The Sunday Comic: Post Malone "Go Flex"

Post Malone's latest single "Go Flex" receives the graphic treatment.

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Complex Original

Image via Complex Original

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I’m sorry, but I can’t bring myself to hate this song. “Go Flex” broke my spell of Post Malone dismissal, and I don’t know if going back is an option. Until now, Post’s career has been anchored by his two wildly successful songs, “White Iverson” and “Too Young,” which are essentially the same. He sings in an echoing ballad voice over sleepy, dreamlike FKi beats. The stunt-rap content of his lyrics always made the dramatism of his voice seem funny, if not gimmicky. Like he was almost in tears with hollow longing, but he was talking about swagging upon you. 

“Go Flex” brings that same content to a new sonic palette, a campfire-like acoustic guitar. It’s a series of simple, on-beat chords reminiscent of that kid at your high school who always brought out his guitar when nobody asked him. But fused cleverly with FKi’s drums, it becomes this irresistible, stadium-worthy anthem. You can already see Post cutting out the music to hear thousands of fans scream back the words, “Gold on my teeth and on my neck.”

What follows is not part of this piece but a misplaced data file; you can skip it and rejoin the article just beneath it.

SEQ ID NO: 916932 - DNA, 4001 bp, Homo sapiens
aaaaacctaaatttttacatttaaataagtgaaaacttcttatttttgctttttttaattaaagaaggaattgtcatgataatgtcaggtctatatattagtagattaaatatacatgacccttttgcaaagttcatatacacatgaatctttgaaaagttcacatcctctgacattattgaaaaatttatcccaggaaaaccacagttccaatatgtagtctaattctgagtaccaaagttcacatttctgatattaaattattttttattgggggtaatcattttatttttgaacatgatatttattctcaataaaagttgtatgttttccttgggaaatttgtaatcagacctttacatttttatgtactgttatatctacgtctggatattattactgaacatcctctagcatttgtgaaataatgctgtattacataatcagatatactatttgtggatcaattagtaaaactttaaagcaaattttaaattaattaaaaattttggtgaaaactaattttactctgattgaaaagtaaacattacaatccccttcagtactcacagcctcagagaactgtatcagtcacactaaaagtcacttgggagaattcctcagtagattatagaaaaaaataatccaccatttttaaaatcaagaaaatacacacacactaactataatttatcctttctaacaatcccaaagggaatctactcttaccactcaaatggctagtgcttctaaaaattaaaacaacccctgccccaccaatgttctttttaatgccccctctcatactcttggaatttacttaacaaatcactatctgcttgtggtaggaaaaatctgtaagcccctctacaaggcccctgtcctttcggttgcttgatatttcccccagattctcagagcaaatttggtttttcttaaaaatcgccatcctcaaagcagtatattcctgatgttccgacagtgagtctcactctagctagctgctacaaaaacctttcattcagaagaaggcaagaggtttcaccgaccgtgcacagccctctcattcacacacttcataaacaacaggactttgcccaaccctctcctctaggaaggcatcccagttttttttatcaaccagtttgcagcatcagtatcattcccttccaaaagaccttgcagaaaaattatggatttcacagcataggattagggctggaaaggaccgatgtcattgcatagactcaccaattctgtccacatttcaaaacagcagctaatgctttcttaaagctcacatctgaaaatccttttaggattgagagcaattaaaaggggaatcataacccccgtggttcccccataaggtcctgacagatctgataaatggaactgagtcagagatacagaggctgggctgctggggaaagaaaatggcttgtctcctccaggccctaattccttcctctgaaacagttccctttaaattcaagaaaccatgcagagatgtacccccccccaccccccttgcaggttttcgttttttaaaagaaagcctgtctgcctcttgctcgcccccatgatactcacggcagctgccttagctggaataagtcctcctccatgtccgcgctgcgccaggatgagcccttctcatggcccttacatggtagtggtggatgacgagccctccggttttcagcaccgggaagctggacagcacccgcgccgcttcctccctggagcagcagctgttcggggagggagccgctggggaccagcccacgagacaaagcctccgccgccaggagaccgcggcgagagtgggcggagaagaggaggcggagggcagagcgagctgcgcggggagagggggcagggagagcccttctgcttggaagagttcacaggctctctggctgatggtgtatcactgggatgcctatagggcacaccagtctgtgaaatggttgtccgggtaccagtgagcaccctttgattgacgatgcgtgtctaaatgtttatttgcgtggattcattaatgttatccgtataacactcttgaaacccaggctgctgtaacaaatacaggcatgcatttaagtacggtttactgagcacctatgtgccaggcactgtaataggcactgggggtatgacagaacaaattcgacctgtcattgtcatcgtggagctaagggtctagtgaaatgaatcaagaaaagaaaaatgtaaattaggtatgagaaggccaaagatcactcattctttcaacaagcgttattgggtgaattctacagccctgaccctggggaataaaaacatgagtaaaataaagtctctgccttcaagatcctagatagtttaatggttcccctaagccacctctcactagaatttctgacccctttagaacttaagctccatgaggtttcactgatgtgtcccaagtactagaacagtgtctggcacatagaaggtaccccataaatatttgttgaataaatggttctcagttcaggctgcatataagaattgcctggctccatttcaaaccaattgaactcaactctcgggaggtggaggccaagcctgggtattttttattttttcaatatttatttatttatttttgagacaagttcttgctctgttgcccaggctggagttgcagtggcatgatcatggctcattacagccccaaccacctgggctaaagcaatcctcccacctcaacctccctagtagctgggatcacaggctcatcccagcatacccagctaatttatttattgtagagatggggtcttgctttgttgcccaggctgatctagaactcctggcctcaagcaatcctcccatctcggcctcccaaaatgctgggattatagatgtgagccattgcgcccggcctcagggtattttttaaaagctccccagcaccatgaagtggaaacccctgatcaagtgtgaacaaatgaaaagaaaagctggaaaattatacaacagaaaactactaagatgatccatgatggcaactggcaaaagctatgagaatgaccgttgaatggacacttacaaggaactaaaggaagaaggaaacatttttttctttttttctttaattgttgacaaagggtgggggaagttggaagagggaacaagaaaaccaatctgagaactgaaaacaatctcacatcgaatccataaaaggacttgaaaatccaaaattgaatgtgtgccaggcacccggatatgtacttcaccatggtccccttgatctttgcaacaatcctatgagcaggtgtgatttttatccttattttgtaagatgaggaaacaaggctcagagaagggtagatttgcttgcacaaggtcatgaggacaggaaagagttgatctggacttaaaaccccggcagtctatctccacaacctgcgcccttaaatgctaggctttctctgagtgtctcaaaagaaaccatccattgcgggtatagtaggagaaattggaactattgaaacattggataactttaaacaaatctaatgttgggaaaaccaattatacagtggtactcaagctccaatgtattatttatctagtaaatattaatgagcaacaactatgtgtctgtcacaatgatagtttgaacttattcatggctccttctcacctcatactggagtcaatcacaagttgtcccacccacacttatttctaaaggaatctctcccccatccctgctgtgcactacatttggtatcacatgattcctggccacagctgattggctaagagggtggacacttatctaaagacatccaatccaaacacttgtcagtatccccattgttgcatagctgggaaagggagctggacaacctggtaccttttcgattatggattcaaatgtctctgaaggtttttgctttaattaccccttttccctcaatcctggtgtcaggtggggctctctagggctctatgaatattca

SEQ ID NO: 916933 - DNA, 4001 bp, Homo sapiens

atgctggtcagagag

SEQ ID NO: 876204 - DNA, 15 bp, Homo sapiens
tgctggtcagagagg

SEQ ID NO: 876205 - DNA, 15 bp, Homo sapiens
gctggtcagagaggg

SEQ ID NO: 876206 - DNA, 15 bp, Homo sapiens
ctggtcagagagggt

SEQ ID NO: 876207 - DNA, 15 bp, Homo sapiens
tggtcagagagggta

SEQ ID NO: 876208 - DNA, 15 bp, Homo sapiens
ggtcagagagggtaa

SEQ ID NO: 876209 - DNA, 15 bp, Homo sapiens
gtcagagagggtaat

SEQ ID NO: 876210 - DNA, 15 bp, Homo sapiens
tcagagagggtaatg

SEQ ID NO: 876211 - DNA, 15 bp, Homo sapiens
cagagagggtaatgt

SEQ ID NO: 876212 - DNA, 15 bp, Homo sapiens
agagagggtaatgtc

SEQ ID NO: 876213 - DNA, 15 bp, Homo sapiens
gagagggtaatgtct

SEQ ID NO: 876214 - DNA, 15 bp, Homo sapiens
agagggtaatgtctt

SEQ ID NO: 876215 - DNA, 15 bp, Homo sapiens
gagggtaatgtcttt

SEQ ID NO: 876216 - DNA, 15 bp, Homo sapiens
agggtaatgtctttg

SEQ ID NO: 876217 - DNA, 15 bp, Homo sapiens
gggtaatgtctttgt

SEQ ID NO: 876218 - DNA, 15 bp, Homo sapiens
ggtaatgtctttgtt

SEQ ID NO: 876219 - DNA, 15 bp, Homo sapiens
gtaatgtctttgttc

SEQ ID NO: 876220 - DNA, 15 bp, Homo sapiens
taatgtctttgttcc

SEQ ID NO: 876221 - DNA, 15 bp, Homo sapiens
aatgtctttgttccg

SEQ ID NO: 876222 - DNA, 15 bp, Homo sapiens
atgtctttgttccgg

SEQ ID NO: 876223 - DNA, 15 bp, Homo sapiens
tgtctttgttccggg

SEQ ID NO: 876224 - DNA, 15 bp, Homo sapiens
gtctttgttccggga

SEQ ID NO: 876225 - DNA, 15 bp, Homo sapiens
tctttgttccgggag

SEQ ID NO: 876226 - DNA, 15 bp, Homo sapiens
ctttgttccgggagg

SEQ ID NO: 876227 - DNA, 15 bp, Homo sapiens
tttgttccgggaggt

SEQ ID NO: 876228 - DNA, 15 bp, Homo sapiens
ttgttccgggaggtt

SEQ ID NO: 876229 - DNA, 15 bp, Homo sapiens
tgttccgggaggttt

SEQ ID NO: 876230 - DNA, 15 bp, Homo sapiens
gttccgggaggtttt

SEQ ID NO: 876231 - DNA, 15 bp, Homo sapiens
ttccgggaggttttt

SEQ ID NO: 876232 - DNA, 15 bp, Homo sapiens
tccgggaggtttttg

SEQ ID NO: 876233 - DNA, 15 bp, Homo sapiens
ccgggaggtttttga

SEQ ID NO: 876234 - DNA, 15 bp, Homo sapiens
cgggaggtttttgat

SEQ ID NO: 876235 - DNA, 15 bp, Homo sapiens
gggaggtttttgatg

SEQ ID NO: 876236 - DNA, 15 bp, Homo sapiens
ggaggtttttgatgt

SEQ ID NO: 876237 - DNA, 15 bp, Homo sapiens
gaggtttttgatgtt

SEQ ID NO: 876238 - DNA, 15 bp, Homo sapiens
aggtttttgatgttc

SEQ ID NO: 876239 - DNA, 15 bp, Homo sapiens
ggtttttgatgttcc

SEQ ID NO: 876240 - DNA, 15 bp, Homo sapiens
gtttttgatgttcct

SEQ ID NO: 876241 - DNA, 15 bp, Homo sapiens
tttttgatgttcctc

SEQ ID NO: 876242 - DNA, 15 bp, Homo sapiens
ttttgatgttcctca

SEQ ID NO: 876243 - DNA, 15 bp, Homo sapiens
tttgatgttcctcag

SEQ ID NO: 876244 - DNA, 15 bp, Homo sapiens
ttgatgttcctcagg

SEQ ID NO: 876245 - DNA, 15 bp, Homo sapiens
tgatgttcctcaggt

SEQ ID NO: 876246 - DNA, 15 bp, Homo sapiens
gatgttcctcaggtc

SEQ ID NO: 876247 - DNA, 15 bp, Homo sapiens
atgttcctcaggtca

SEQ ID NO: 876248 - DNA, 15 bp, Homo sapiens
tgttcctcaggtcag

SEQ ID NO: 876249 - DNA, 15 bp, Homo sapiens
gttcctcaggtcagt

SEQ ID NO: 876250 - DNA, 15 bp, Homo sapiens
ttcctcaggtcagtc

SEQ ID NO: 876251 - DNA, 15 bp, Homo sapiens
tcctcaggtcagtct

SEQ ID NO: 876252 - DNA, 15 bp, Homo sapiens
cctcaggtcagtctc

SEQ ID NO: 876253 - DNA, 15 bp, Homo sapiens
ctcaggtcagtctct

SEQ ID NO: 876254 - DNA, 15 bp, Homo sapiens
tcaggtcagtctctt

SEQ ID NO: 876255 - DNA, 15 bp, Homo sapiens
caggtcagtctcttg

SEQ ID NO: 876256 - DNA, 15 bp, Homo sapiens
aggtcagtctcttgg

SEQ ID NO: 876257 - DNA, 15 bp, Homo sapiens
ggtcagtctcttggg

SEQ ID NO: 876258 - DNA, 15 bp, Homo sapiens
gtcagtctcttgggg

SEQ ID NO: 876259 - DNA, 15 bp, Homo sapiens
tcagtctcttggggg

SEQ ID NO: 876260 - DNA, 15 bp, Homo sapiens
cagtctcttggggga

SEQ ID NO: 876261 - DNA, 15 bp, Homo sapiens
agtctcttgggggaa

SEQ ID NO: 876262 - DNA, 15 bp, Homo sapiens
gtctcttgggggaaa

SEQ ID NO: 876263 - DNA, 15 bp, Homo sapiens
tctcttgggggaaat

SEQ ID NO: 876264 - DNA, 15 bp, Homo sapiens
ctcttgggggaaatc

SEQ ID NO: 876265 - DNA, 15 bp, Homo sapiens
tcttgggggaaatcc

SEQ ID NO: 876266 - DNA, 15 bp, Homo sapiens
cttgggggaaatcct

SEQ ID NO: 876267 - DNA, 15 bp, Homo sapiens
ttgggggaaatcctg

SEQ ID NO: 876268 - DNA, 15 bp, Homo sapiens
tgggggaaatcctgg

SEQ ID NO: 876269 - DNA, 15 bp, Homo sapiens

People clowned Post when a video surfaced of him playing a cover to Bob Dylan’s “Don’t Think Twice, It’s Alright,” but really it just showed that he had a musical background, the fingerpicking on that song requires legitimate technical skill. There’s nothing shameful about growing up on folk. Finally, it seems, Post has prepared the world to accept his marriage of folk with 2016 drums. And again, theatrical vocals make for a sort of comical composition—like, his desire to flex matches the emotional response of a loved one dying.

Post, of course, is not the first to experiment with this kind of sound. Bubba Sparxxx did a prototypical version with “Deliverance” in 2003. In that case, it fused the folk guitar with Timbaland’s characteristic, energetic drums, but the sound of it matched the introspective content; he was a weary traveler, not a flexer. David Banner’s “Cadillac on 22’s,” also from 2003, combined a fingerpicked guitar with his own Southern-informed drums. In that case, though, he was using the idea of flexing in contrast, bemoaning the state of his home, Mississippi, and venting about his rocky relationship with God.

Meanwhile, Post Malone told Fader “Go Flex” is “really just about stuntin’, showing you got the sauce.” In my case, it worked. I’m now a convert, and no other song succeeds in making me feel closer to the sensation of flexing than this. Perhaps this is an underrated musical quality. It doesn't always have to be that deep.

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